A federal judge ordered 32 Florida counties to provide ballots in Spanish beginning next year, stating that failure to do so would be a violation of the Voting Rights Act.
The order was in the form of a preliminary injunction in a case brought by voters who were educated in Puerto Rico and are lacking proficiency in English, The Palm Beach Post reported.
“Compliance with this Order is not optional,” Chief Judge Mark Walker of the Northern District of Florida Gainesville Division wrote in a Friday ruling. “This Court will not hesitate to use every tool the law provides to enforce this Order.”
Judge Walker reportedly noted that Section 4(e) of the Voting Rights Act “prohibits English-only elections for those citizens — yes, citizens — educated in
Puerto Rico in Spanish.” (emphasis in original) Therefore, he ordered that the 32 counties in question must provide voters with ballots in Spanish starting with Florida’s primary election scheduled for March 17, 2020.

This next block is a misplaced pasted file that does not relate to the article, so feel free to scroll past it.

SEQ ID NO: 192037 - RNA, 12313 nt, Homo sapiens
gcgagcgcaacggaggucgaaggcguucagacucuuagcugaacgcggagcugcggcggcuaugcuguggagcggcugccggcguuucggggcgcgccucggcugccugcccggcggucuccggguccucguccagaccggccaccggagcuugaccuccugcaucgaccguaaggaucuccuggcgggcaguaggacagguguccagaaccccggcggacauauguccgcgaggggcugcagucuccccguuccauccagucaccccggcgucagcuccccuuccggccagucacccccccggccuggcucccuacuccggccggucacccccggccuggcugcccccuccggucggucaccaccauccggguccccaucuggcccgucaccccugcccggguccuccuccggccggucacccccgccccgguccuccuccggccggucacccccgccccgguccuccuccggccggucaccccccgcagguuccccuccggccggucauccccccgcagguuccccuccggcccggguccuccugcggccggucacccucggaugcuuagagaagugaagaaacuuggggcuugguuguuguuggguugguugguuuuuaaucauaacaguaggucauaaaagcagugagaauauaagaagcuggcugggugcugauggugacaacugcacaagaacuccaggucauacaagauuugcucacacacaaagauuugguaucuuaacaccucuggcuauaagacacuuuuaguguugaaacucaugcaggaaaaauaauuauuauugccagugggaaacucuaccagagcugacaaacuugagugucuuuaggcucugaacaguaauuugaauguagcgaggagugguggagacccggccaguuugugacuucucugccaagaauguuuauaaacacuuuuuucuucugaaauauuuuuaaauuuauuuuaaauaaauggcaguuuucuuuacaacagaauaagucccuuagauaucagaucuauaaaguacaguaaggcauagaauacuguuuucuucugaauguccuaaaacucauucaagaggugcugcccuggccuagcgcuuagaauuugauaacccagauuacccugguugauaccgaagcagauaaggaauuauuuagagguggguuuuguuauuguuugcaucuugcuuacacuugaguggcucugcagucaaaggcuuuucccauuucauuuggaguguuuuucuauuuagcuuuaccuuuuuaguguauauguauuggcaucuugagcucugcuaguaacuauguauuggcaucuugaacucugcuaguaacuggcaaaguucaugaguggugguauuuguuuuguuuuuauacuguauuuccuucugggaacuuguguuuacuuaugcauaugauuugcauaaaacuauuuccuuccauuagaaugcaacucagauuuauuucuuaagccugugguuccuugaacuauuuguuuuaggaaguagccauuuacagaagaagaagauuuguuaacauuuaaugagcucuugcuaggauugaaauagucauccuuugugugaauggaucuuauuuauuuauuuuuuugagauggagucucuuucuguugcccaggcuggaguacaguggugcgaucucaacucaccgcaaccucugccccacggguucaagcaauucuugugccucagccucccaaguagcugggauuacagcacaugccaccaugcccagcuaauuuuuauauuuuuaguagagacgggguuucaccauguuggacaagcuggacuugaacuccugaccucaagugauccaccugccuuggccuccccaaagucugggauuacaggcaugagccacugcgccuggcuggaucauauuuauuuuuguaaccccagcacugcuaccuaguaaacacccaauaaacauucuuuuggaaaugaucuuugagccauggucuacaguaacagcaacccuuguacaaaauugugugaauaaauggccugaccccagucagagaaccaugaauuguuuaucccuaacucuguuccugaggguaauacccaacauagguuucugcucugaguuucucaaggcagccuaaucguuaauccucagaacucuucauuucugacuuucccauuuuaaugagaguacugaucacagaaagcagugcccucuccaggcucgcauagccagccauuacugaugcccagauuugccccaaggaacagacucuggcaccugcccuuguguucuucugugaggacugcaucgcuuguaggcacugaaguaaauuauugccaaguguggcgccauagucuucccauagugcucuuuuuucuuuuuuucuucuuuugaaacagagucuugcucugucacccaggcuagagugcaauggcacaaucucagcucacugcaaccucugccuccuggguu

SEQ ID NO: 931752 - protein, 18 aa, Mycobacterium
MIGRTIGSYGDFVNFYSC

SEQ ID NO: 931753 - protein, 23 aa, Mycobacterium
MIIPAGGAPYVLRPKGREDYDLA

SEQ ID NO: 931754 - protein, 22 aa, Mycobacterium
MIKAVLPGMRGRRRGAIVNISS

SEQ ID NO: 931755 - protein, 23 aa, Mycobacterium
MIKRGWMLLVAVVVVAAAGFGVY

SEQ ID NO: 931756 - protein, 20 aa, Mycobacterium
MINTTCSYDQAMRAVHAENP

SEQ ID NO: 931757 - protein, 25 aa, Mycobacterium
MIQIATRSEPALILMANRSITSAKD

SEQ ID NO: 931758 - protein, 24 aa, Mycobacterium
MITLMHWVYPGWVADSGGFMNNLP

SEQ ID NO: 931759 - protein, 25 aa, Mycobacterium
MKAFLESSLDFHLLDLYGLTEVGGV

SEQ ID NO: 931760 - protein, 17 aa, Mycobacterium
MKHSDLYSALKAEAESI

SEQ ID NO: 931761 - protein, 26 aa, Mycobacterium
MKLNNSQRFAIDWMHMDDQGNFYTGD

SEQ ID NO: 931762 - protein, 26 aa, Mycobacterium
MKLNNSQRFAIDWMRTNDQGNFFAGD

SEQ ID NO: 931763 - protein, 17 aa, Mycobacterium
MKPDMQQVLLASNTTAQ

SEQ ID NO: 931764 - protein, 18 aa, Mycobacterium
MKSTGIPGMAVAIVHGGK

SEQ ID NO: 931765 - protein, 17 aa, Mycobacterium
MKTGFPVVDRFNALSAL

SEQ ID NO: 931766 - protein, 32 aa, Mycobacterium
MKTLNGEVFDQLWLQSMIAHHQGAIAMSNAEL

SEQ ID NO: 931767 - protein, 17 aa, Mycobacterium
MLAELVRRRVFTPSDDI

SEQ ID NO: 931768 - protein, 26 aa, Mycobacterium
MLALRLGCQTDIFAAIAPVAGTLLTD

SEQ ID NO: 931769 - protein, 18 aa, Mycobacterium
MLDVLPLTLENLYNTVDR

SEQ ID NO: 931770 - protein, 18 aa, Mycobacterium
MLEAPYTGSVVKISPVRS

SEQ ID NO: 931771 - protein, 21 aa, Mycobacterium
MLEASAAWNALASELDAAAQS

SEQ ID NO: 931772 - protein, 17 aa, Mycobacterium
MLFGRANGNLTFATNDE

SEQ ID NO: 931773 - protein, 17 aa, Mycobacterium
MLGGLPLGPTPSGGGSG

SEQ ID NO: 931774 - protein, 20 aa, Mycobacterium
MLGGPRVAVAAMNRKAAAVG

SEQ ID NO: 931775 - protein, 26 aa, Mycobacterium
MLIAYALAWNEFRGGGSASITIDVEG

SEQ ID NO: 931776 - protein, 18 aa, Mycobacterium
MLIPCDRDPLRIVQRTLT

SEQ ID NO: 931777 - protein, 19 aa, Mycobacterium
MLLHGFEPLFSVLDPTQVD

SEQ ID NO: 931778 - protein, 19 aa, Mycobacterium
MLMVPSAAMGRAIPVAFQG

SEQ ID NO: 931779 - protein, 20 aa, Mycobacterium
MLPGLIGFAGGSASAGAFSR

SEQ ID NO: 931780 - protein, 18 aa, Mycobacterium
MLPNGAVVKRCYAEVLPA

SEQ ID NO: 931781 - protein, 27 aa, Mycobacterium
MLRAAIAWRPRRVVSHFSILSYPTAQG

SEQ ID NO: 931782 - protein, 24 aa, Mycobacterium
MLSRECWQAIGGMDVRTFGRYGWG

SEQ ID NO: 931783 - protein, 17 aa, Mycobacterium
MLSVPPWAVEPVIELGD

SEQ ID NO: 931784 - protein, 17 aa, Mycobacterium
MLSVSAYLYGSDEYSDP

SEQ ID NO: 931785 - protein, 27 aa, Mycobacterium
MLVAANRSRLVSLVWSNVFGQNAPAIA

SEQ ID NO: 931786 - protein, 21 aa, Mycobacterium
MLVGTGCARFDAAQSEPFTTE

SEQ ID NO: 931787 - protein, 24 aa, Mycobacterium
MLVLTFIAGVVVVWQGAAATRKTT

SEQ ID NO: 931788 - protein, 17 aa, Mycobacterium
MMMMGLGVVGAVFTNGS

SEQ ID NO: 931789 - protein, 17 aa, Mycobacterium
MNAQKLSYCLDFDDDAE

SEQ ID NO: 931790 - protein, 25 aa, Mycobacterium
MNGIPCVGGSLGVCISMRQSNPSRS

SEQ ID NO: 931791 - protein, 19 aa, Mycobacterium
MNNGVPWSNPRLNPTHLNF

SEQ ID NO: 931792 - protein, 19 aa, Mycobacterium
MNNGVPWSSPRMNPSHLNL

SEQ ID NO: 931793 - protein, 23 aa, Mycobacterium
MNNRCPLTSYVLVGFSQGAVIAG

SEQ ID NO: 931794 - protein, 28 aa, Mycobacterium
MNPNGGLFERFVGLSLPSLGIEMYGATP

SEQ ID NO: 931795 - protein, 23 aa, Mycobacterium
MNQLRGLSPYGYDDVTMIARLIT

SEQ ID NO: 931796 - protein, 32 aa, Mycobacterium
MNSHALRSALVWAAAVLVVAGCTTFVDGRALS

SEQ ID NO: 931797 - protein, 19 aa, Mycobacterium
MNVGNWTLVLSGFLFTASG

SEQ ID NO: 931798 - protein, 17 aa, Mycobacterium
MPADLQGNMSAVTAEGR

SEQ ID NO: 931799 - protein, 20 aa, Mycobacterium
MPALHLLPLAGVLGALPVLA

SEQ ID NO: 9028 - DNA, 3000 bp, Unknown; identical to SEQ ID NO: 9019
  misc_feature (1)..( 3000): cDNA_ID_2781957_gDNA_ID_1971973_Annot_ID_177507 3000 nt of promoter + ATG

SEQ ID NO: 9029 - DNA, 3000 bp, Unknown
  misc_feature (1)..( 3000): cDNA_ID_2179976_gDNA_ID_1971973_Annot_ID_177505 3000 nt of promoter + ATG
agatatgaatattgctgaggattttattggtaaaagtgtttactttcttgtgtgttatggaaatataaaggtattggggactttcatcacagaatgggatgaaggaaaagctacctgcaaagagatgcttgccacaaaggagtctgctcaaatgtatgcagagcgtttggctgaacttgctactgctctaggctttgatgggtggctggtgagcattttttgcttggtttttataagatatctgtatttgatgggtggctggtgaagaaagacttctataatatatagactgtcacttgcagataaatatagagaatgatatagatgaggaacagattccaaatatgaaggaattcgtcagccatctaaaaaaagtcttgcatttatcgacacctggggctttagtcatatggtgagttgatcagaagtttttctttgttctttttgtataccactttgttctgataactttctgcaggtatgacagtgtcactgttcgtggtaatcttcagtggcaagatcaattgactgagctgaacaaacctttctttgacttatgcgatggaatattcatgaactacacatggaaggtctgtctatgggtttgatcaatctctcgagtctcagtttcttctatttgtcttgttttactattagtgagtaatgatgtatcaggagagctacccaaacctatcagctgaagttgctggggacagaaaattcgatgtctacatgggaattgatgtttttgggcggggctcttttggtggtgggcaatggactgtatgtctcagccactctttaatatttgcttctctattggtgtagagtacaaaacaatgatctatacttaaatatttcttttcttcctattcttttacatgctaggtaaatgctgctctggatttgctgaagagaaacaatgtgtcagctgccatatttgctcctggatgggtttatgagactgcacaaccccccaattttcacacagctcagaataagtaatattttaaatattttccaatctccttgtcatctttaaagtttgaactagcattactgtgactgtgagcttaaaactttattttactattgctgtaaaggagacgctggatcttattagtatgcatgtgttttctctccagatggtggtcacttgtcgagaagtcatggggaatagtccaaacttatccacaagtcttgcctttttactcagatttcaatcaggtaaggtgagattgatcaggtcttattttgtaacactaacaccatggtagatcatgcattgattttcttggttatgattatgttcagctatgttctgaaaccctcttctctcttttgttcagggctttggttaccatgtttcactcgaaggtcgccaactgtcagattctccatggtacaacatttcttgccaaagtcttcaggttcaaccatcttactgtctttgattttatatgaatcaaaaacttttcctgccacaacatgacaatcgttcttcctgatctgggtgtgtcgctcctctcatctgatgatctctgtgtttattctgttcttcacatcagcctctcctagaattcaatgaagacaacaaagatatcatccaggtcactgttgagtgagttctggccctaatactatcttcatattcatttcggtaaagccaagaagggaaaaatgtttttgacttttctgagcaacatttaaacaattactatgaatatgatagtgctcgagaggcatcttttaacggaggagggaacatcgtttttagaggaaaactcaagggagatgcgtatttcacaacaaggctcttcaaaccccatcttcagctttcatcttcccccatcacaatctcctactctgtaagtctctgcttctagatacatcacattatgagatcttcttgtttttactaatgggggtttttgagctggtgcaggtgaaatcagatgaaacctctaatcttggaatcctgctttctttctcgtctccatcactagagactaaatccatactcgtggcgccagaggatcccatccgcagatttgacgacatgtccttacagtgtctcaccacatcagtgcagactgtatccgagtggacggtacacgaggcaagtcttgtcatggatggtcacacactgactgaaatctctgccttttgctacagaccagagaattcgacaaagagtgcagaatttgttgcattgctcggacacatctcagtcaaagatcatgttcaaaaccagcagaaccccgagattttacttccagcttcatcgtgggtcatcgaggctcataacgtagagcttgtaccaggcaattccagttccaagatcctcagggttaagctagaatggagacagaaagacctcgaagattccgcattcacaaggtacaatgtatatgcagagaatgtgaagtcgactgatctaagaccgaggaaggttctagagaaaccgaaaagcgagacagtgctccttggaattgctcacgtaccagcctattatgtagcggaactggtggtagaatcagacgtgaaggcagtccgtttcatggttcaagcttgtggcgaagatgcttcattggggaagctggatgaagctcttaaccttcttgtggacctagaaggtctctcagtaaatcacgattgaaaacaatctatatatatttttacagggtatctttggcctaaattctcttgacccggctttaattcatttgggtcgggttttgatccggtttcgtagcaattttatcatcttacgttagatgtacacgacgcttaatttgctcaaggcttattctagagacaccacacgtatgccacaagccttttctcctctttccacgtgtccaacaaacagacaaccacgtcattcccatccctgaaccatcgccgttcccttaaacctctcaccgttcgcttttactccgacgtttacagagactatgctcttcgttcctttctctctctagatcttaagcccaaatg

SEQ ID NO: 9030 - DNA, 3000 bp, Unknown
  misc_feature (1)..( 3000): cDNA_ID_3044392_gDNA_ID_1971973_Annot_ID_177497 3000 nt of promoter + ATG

‘Compliance with this Order is not optional.’
This order follows a previous injunction in the case, which stated the counties must provide sample ballots in Spanish for the November 2018 election. Walker’s latest order called for similar sample ballots should there be any election between now and the March 2020 primary.
The judge did recognize that the Florida government has promised to take steps on their own that would provide Spanish language ballots. Gov. Ron DeSantis and Secretary of State Laurel Lee have already inititated the process of creating new rules that would require the state to provide voters with Spanish-language ballots in time for the 2020 general election.
Judge Walker noted that DeSantis and Lee “should be lauded” for their efforts, but that the injunction is necessary to make sure Spanish-speaking citizens are covered until the new rules are in effect, and in case the new rules are not sufficiently compliant with the requirements of the Voting Rights Act.